November 20th, 2015 will mark the one year anniversary of Obama’s announcement on immigration in which he created Deferred Action for Parents of American Citizens (DAPA). Despite the promise of relief from deportations for millions of families, the attack on immigrants continues. This last year has brought not only disappointment and continued deportations, but hate mongering from Presidential hopefuls that inspired anti-immigrant bills in Congress and in Harrisburg. In Pennsylvania, we have also seen the prolonged, unjust and inhumane detention of families in the Berks Family Detention Center where infants have been detained as young as 11 days old with an unlawful license and Immigration and Customs Enforcement (ICE) continues to terrorize our communities in Philadelphia and across the state.

On Thursday, November 12th, the Nutter Administration held a closed door meeting with Philadelphia immigrant rights organizations, including the Philadelphia Family Unity Network, in regards to the City’s collaboration with ICE. The Administration announced that it intends to roll back the historic Executive Order limiting City interactions with ICE, passed on April 2014, by introducing provisions that re-establish these communications.

Members of the immigrant community, the Philadelphia Family Unity Network, the Shut Down Berks Coalition and allies will be holding a press conference Monday, November 16th at 11am at City Hall to address this latest development as well as the state and national anti-immigrant attacks.

We are heartbroken that the Nutter Administration wants to reverse this groundbreaking policy and once again use local law enforcement as an arm of the federal deportation system. The proposed changes will increase the number of deportations of Philadelphia residents and will erode the trust building begun between immigrant communities and local law enforcement since the Executive Order was signed and implemented. What community members will hear is that the administration has gone back on their word and that local law enforcement will once again serve as immigration agents. These proposed provisions also contradict our City’s values of honoring the dignity of each individual, redemption, second chances, and the ability of human beings to change, by subjecting Philadelphia residents to double punishment by deporting them after they have served their time. Mayor Nutter must listen to immigrant communities, advocates, and allies, and stand strong in his support for a policy that has made our communities safer.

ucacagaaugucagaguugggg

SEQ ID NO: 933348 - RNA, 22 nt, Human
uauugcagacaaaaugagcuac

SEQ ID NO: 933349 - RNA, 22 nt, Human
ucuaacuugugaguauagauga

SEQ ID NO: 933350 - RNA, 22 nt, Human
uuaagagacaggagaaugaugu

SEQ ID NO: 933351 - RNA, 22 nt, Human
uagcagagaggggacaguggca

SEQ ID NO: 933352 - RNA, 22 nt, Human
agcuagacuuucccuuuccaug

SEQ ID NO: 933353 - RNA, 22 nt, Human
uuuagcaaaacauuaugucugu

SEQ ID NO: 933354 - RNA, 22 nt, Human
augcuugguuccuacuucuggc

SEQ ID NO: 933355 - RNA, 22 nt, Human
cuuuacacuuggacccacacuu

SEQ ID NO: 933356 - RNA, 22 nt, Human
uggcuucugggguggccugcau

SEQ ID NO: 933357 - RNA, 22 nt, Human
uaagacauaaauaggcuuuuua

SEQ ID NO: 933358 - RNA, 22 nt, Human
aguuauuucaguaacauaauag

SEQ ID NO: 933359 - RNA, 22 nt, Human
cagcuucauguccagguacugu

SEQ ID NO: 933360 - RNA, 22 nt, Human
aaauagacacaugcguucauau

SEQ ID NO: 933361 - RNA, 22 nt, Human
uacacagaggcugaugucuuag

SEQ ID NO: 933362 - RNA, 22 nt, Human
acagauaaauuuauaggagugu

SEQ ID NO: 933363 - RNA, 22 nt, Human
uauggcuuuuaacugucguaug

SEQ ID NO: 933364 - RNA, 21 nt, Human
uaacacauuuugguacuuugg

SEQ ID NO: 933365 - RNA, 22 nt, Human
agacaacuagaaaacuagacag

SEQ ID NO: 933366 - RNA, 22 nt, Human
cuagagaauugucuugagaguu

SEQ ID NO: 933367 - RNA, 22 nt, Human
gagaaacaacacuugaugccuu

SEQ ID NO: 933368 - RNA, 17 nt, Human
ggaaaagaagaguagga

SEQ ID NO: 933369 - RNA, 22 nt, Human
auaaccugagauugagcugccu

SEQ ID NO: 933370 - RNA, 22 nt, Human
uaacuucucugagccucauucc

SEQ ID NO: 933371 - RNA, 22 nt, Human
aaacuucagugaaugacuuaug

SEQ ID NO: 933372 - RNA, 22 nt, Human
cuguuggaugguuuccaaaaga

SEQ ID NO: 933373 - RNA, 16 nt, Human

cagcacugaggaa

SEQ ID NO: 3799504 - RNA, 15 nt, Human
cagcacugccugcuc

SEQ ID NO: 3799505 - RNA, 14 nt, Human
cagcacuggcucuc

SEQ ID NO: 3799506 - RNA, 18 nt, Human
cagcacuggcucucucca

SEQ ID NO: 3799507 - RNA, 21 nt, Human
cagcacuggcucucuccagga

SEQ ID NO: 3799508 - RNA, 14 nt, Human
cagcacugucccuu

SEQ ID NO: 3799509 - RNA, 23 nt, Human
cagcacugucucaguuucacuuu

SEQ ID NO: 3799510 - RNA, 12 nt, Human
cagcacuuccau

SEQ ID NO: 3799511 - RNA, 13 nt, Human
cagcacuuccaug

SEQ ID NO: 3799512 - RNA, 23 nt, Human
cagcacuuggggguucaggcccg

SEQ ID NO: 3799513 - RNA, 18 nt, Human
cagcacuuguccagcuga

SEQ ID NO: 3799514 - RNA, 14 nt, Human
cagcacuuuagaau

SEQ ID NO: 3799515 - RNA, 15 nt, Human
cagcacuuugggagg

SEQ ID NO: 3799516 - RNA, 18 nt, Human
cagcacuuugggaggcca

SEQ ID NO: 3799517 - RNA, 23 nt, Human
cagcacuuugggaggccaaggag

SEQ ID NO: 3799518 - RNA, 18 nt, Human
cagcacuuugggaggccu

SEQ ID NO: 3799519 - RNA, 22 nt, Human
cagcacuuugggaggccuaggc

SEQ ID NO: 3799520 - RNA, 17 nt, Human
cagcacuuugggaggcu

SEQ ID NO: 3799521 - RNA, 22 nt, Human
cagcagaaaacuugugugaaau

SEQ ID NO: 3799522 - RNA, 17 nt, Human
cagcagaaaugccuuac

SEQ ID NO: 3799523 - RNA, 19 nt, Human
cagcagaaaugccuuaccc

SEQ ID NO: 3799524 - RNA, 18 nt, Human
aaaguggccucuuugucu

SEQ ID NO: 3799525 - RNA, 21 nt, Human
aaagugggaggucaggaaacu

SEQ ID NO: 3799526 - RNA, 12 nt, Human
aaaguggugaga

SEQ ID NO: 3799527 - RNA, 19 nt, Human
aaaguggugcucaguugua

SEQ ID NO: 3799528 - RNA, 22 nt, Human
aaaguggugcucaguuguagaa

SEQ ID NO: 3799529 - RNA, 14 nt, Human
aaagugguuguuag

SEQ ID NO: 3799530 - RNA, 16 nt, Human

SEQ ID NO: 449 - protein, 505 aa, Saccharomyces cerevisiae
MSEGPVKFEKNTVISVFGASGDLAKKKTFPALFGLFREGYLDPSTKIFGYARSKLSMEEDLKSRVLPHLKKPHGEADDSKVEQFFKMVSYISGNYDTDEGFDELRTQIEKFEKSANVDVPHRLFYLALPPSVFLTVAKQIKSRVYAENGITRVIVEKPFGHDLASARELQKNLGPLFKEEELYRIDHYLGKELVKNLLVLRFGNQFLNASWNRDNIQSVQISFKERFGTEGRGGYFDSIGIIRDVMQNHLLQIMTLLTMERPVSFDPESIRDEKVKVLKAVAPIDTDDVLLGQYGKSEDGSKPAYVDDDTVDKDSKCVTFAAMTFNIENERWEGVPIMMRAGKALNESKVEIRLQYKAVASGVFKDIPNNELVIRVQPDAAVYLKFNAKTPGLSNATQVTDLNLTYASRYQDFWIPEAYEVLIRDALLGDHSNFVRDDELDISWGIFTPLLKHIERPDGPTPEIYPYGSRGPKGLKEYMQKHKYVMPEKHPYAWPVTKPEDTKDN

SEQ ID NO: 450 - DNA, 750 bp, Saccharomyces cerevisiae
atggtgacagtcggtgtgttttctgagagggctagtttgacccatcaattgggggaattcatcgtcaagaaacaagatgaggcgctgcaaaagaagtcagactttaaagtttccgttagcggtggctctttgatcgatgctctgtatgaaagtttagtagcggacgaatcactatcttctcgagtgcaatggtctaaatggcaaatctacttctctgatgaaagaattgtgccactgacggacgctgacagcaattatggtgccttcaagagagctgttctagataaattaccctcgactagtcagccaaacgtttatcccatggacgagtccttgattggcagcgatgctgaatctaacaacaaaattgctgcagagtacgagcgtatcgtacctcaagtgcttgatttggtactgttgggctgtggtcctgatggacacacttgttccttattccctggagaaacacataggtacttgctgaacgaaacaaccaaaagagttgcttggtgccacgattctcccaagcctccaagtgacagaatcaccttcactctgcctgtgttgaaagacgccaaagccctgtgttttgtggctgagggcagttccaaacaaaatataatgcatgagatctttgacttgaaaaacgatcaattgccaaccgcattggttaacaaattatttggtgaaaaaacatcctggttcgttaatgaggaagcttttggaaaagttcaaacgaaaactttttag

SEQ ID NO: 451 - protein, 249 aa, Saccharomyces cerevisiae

Only seven months ago, Nutter stood with community in City Hall, and after listening to the story of Maria Elena Cardenas, a mother of two who had just lost her husband Pablo to a deportation just days before, said, “I can’t imagine that a real elected official, someone who really believes in public service, would think that it was good policy to rip a family apart. Somehow, some way, at least to me, that appears to be completely in contradiction to this great country that we all love called the United States of America. We still have work to do.”

A month later the city made it clear it had no intention of resuming cooperation with ICE requests. In an interview with the LA Times, City Managing Director Richard Negrin said, “The broader Latino community loses confidence when they see us treating new Philadelphians that way, I think it makes us less safe (to cooperate with ICE), to be honest.”

We need public officials at the local, state and national level that will take a stand against hate toward immigrants and towards people of color. We must stand together to stop the criminalization, detention and deportation of our communities.

The Philadelphia Family United Network members include 1Love Movement, Juntos, New Sanctuary Movement of Philadelphia, the Pennsylvania Immigration and Citizenship Coalition and Victim/Witness Services of South Philadelphia.
The Shut Down Berks Campaign is a grassroots coalition fighting to shut down the Berks County Detention Center immediately and end family detention. Members include Detention Watch Network, GALAEI, Juntos, #Not1More, Migrant Power Movement, PICC, UUPlan and We Belong Together.